When employees work from home, the threat landscape for most employers changes. It may include, for example, sensitive information that needs to be handled outside the physical office’s secure environment, difficulties in providing reliable connections to many users at once, or lack of internal communication due to limited social channels.
One of the lessons learned from recent developments is that the conditions of daily operations, including work, can change drastically in a short manner of time. As more physical workplaces close down, many companies need to create opportunities for their employees to work from home to maintain productivity and delivery capabilities.
Naturally, many companies are not equipped for all or a large part of the organization to work outside the physical office. When new working conditions are established, new safety aspects also need to be taken into account in order to ensure that this can be done reliably.
Following is a list of recommended actions employers should consider when employees work from home – in addition to the usual safety recommendations that are always applicable;
- Verify that employees only use work computer / phone for work
Private devices are harder for an employer to control when it comes to anti virus, installed software etc.
- Ensure that only employees access work computer / phone
Bringing home devices increases the risk they are accessed by children and relatives. This, in its turn, increases the risk for unauthorized or malicious software being installed on the device, or the device becoming infected due to visits of unsafe websites e.t.c Work devices should always have a lock screen activated, and be kept out of range from children.
- Ensure devices leaving the office have full disk encryption activated.
The attack surface changes when devices normally stored in a physically secure environment are brought out.
- Ensure correct network configuration
When connecting a Windows computer to a network outside of the office, the network should be configured as “public”, including the home network. This is to protect the computer from other, potentially compromised devices on the network.
- Ensure redundancy for internet connection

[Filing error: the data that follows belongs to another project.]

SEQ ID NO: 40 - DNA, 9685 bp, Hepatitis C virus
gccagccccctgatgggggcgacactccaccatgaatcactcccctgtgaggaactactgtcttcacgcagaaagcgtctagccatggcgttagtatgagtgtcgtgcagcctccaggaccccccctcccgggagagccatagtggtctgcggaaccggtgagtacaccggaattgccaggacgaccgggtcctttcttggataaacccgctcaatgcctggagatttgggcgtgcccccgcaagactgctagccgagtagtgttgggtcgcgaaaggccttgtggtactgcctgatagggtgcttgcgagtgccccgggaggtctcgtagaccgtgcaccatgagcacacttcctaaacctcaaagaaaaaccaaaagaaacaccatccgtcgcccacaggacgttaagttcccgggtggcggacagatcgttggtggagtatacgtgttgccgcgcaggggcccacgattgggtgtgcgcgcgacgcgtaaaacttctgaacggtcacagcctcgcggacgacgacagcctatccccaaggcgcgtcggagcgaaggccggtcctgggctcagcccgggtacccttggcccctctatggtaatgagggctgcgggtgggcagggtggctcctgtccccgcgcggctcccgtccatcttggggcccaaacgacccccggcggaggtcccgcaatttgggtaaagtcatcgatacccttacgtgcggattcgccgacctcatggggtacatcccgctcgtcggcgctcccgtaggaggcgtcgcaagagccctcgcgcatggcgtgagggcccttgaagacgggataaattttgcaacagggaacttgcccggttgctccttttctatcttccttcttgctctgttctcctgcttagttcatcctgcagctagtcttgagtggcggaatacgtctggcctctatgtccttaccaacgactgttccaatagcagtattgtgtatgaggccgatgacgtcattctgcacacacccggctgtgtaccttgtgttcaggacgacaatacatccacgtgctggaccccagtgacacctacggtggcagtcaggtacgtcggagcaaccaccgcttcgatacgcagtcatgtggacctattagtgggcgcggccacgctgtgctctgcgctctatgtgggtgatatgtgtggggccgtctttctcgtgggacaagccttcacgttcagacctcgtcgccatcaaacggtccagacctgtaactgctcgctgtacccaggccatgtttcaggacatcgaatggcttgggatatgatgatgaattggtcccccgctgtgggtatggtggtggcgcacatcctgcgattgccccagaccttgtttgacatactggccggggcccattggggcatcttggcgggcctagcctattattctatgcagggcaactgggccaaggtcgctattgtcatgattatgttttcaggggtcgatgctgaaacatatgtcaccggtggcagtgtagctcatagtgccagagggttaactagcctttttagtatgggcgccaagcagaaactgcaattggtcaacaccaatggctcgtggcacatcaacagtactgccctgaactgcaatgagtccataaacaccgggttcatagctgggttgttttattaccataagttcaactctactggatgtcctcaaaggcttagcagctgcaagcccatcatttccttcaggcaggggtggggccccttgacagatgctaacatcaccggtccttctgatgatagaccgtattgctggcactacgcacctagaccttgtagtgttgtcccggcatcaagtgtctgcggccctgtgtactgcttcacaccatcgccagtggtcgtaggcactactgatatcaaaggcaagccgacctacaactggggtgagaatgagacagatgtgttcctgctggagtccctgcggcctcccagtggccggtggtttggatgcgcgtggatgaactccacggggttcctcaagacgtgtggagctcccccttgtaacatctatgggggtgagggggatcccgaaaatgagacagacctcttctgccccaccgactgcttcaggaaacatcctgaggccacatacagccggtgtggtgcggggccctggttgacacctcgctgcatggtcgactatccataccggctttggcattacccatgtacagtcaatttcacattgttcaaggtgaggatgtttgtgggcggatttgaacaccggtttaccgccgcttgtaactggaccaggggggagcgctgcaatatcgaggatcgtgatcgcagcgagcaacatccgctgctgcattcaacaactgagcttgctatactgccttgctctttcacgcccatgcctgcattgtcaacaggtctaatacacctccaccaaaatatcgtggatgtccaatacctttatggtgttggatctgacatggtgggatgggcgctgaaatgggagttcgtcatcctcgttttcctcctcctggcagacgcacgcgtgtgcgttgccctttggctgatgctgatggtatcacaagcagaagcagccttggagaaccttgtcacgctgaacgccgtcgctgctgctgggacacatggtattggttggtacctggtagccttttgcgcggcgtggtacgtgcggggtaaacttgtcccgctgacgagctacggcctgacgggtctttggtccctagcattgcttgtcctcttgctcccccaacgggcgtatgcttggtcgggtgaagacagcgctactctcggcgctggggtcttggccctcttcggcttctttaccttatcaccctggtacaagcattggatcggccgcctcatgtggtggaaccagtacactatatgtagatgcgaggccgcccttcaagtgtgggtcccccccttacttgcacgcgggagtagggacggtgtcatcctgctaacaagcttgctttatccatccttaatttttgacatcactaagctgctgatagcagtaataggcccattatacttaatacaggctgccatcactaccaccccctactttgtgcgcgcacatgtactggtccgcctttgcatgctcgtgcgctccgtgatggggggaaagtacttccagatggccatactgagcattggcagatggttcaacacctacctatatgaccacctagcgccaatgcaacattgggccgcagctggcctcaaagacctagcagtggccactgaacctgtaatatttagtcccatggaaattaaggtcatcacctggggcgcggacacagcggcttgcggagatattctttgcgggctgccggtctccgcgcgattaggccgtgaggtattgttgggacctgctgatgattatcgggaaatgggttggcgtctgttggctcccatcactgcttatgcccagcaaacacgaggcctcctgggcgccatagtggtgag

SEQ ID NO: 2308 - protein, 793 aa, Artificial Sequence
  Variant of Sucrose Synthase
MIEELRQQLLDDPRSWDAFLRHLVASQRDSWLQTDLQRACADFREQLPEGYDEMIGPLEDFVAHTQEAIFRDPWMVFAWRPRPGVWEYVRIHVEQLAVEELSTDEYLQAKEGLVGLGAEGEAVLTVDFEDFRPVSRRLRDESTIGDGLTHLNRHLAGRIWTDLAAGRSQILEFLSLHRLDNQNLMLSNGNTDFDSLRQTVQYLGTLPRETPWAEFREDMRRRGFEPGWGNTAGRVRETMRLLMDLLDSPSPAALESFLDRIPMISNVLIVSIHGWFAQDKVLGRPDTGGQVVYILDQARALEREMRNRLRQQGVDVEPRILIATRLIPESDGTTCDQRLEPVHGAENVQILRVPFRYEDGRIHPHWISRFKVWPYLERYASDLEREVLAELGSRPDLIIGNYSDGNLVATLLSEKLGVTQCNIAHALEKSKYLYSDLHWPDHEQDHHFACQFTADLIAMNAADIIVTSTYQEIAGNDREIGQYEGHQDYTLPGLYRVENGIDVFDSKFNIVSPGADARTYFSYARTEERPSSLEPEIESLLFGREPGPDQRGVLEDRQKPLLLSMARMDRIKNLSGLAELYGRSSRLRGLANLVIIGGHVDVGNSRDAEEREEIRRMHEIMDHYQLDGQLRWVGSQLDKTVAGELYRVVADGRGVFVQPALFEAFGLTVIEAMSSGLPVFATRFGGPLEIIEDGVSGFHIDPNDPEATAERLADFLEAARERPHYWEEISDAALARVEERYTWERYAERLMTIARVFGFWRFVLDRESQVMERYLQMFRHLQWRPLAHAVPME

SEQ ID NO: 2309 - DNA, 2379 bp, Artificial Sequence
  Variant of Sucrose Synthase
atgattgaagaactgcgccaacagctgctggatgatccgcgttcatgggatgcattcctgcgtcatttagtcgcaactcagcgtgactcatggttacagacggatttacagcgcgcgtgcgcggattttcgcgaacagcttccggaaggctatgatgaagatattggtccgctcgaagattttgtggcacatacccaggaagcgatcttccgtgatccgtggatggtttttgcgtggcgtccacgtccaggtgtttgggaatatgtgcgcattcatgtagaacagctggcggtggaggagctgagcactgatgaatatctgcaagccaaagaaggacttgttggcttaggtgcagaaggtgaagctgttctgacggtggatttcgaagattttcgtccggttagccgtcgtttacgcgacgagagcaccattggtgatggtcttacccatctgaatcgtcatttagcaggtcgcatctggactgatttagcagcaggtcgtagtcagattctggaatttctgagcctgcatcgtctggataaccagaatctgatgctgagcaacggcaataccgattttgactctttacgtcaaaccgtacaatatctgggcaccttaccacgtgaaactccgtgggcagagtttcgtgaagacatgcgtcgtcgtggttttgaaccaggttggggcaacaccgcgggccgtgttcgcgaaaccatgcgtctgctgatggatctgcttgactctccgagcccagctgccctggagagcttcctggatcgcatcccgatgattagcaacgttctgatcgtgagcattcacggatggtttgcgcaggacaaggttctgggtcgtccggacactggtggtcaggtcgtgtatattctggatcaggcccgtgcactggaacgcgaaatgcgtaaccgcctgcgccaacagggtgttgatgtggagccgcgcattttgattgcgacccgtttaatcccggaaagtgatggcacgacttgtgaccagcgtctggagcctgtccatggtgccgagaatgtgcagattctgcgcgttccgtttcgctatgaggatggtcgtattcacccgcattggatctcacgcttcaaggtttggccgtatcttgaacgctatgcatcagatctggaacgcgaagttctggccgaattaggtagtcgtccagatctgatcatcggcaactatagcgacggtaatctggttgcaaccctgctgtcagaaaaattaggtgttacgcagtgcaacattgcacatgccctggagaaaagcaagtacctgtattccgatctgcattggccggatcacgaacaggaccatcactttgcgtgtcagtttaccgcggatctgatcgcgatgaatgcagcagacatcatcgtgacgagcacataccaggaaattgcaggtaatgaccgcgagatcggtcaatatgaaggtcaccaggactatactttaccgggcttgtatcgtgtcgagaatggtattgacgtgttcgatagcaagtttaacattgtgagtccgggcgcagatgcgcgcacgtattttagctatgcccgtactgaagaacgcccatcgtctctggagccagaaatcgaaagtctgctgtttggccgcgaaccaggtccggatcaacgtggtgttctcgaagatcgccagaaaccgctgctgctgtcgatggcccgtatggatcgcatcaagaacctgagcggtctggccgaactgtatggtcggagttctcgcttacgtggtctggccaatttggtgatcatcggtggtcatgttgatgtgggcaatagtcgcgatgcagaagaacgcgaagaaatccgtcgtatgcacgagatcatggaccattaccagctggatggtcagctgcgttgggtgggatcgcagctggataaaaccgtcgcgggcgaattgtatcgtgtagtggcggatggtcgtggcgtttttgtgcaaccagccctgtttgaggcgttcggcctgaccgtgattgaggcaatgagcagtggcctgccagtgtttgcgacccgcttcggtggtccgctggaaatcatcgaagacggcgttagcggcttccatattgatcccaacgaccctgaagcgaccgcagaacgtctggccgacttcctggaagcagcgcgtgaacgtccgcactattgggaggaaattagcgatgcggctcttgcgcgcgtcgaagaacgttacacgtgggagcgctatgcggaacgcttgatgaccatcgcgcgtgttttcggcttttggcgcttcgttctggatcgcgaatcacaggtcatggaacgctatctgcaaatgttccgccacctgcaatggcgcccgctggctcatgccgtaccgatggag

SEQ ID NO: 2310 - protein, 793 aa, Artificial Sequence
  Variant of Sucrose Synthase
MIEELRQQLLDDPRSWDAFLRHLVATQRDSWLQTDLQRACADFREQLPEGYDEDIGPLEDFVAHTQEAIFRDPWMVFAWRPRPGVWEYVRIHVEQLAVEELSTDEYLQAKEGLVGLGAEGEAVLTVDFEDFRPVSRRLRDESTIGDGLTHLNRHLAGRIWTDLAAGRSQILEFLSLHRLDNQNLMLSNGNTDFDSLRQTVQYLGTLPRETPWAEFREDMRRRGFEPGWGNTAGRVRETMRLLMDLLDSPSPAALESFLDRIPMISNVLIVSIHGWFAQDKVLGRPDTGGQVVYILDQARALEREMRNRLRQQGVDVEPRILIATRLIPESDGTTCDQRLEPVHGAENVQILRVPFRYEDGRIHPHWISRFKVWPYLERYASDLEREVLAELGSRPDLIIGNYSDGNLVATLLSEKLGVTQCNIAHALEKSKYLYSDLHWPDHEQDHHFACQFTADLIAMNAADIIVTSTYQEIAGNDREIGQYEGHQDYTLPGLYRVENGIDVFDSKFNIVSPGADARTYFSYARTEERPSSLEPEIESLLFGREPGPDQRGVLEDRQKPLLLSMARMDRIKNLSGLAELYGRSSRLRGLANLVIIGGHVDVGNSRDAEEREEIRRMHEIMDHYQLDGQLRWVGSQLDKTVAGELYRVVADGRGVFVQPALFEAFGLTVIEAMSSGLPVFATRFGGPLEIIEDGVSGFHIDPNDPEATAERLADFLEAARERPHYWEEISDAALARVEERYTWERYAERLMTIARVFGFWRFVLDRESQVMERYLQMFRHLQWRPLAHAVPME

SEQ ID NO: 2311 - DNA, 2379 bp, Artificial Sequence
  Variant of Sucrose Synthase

Employees should have a backup internet connection. Since ISPs normally have lower availability requirements for private users, the risk for these to cease working is higher. The easiest backup connection could be to use internet via the phone, or through a built in mobile network card in the laptop.
- Ensure employees have multiple communication channels for easy communication
This is necessary in case one communication channel is lost, but perhaps more importantly, it enables employees to ask in case they for example receive a suspicious email appearing to originate from a colleague.
- Be careful with temporary access solutions towards internal systems, such as RDP / remote desktop accessible from the public internet
Employees suddenly finding themselves having to work from home may be tempted to set up temporary solutions in order to access the systems they need for work. If they cannot be restricted to VPN, it is important that they are appropriately secured in other ways, such as using multi factor authentication. Also ensure they have a limited life span, so that they are not forgotten in place after they are no longer required.
- Verify that VPN or similar solutions for remote access require two factor authentication
Since such solutions often provide a direct way into an organization’s infrastructure, authenticating with password only is normally not acceptable from a security perspective.
- Practice on and ensure that support is functional for employer provided solutions so that no shadow-IT half private solutions arise
Workers could tire of complicated, badly working solutions for remote work and resort to using technology they are more familiar with – such as Dropbox or private email – thereby spreading potentially sensitive information to systems beyond the employers control.